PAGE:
Unless otherwise specified below, in all the experimental data concerning the stability of hydrogen peroxide: the concentration of residual hydrogen peroxide in actual or candidate brightening and passivating liquids after the passage of time since the liquid was prepared was measured by permanganometric titration; the concentration specified for hydrogen peroxide or any other chemical substance whether identified by name or formula was for the pure compound; any otherwise unspecified balance of any liquid was water; and the temperature of the liquid during the time after which the concentration of residual hydrogen peroxide was measured was constantly maintained at 30±1° C. by a Haake thermostat. (Temperature can have a great influence on the stability of hydrogen peroxide; this temperature was selected because it is quite representative of most industrial applications for a brightening and passivating solution when used as a final metal treatment operation in a pickling process.)
This group was intended to measure the effect of iron on the stability of hydrogen peroxide in a candidate brightening and passivating liquid that contained a conventional stabilizer for hydrogen peroxide. The starting solutions initially contained: 20 g/l of sulfuric acid, 9.2-9.5 g/l of H2O2, 5 g/l of HF, and 16 parts of phenacetine per million parts of total liquid. One of the solutions tested, designated as Comparison Example 1.1, contained no other ingredients except water; the other solution, designated as Comparison Example 1.2, also contained 5 g/l of Fe+3, supplied to the liquid as ferric sulfate. The concentration of hydrogen peroxide was checked after 20 hours, and results are shown in Table 1 below.
For this group all of the solutions contained the following ingredients: 20 g/l of sulfuric acid; 10 g/l of H2O2; 5 g/l of HF; 5 g/l of Fe+3, supplied to the liquid as ferric sulfate, and, except for the comparison examples, 1.67 g/l of the particular substance constituted of molecules each of which contains at least one ether moiety and at least one hydroxyl moiety shown in Table 2. Comparison Example 2.2 also contained 4.5 milligrams of phenacetine per liter of solution. The solutions were maintained for a period of 24 hours at 30° C., after which time the residual hydrogen peroxide was measured. Results are shown in Table 2. These results indicate that all of the Examples are better than both of the Comparison Examples, and the Examples are increasingly better in order from 2.1 to 2.4.
Fluoride ions form strong complexes with iron cations that might reasonably be expected to have an effect on the stability of hydrogen peroxide in aqueous solutions that also contain iron. Therefore, in this group, materials and compositions were like those of Group 2, except for the absence of fluoride. For this group all of the solutions contained the following ingredients: 20 g/l of sulfuric acid; 10 g/l of H2O2; 5 g/l of Fe+3, supplied to the liquid as ferric sulfate, and a concentration of diethylene glycol, mono-n-butyl ether as indicated in Table 3. The results there show that in the absence of fluoride, more BTC is needed to achieve even moderate stability than in the presence of fluoride in Group 2, but there is little if any increase in stability for BTC concentrations greater than about 10 g/l.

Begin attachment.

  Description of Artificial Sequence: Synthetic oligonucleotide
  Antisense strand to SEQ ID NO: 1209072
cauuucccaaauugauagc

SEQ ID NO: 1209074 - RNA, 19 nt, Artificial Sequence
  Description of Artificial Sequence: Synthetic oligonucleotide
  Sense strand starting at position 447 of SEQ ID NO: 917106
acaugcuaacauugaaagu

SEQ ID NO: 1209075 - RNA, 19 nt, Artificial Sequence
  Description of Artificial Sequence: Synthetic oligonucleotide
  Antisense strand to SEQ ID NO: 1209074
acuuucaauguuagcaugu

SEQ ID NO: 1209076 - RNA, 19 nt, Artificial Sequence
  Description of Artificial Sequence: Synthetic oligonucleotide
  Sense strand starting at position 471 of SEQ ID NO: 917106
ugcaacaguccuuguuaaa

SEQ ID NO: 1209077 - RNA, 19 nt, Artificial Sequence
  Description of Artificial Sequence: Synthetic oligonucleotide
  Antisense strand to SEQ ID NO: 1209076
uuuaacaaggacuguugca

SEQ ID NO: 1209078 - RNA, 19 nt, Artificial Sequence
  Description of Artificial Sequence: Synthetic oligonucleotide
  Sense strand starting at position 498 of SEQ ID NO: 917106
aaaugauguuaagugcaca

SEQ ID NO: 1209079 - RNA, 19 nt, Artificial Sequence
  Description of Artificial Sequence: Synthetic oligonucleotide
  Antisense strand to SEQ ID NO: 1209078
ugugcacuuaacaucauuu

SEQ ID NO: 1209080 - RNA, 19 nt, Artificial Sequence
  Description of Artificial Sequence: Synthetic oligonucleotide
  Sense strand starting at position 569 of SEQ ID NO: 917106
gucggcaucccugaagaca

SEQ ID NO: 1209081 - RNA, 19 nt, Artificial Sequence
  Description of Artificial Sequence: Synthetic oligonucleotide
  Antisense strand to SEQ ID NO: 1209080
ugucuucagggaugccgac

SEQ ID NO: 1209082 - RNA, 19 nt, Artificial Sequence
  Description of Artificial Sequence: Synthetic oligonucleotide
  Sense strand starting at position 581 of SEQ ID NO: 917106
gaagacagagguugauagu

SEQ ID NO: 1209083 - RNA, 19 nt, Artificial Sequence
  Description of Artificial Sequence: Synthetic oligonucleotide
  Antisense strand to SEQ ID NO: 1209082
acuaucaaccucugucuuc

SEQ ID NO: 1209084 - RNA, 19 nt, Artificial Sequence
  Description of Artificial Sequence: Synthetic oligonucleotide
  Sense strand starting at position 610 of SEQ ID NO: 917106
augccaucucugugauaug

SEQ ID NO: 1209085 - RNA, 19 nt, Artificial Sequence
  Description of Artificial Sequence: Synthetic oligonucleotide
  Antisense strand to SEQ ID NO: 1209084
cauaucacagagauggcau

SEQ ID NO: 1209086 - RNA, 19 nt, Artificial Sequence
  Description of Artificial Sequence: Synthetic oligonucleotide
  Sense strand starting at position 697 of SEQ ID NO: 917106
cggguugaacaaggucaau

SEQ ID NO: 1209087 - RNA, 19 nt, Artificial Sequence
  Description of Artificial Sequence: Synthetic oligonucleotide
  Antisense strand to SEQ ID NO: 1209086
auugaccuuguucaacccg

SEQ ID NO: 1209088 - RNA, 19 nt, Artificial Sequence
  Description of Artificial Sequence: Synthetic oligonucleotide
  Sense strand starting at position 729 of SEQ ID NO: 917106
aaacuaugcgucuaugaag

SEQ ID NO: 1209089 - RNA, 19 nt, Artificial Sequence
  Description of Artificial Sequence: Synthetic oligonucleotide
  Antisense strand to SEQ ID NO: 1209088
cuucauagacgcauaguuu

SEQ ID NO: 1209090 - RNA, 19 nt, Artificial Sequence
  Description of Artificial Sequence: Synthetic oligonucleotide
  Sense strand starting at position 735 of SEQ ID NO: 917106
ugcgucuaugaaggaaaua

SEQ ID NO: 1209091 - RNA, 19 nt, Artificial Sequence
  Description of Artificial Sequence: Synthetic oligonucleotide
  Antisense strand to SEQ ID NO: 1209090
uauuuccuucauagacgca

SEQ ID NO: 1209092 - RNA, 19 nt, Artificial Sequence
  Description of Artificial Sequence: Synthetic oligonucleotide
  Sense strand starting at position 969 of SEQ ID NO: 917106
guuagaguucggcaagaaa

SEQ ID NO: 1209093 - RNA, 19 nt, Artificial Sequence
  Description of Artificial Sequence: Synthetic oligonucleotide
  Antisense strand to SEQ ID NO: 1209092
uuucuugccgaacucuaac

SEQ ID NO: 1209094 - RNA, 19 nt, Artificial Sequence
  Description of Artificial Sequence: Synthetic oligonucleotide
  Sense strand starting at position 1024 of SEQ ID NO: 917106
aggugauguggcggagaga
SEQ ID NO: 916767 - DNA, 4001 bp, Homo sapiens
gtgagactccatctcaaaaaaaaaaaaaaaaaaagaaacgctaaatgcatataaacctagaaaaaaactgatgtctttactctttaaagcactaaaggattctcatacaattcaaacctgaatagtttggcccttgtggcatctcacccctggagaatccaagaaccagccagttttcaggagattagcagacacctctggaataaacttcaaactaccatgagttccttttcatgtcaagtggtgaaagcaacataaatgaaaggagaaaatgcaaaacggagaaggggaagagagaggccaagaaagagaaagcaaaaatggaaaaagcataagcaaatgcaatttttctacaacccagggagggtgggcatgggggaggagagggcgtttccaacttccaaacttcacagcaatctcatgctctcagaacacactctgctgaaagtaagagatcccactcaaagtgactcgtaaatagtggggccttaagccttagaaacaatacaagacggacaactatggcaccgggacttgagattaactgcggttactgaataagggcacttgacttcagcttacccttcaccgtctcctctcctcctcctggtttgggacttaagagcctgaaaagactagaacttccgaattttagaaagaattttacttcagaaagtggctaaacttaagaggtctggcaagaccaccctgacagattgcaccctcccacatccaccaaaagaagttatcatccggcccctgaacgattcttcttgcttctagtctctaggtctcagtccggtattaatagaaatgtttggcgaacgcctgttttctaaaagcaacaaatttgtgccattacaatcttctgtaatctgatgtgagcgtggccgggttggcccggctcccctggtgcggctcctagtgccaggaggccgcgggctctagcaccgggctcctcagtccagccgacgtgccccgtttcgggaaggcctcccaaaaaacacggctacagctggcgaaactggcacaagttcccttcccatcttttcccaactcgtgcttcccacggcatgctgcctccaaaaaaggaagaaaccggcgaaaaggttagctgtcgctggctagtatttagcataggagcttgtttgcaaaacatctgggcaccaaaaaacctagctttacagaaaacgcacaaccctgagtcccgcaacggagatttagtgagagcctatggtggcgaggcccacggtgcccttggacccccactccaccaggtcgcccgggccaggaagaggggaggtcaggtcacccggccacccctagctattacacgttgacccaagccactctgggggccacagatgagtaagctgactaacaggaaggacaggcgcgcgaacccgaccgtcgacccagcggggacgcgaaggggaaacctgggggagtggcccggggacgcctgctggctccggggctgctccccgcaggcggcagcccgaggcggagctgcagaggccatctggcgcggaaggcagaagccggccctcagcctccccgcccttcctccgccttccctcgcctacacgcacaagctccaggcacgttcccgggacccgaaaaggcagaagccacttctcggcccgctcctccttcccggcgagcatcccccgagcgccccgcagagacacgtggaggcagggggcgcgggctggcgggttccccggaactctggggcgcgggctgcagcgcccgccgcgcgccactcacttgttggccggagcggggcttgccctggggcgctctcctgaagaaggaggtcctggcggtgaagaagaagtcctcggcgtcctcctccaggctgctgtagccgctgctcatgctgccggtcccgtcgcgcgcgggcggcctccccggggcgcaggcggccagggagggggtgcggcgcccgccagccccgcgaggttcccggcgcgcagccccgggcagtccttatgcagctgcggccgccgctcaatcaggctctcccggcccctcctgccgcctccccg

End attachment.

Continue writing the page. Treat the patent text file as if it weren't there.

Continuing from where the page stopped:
In this group, phosphoric acid was included in the brightening and passivating liquid as an alternative to a glycol monoether substance. All of the solutions included the following ingredients: 20 g/l of sulfuric acid; 10 g/l of H2O2; 5 g/l of Fe+3,
In this group, the solutions were the same as in Group 4, except that each solution also contained 5 g/l of BTC and the amounts of phosphoric acid were as shown in Table 5. In the rightmost column of Table 5 are results for a solution treated in the same manner as the others except that air was blown through it during the aging of the solution. It is evident by comparison with previous tables that the stability achieved in this group is far better than that achieved by either BTC or phosphoric acid alone. Also, there was little or no effect of the air blowing on the stability results.
In this group, sulfuric acid was omitted. Each solution contained 34 g/l of phosphoric acid; 10 g/l of H2O2; 5 g/l of Fe+3, supplied to the liquid as ferric sulfate, and, for the example only, a concentration of 5.0 g/l of BTC. Results are shown in Table 6. These results show that the stability is even better than in the presence of
In this group, a phosphonate was used instead of phosphoric acid. Thephosphonate was BAYBHIT™ PBS-AM, a commercial product reported by its supplier to be a phosphonate that is stable and soluble in hydrogen peroxide solutions. In the comparison examples shown in Table 7.1, each solution contained: 20 g/l of sulfuric acid; 10 g/l of H2O2; 5.0 g/l of Fe+3, supplied to the liquid as ferric sulfate, and a concentration of phosphonate as shown in Table 7.1. In the examples according to the invention shown in Table 7.2, each solution contained the same ingredients as for the examples in Table 7.1 and also contained 2.0 g/l of BTC. The results are shown in the Tables below; they indicate that even the relatively small amount of glycol monoether in the Examples considerably increases the long term stability of the hydrogen peroxide in these solutions.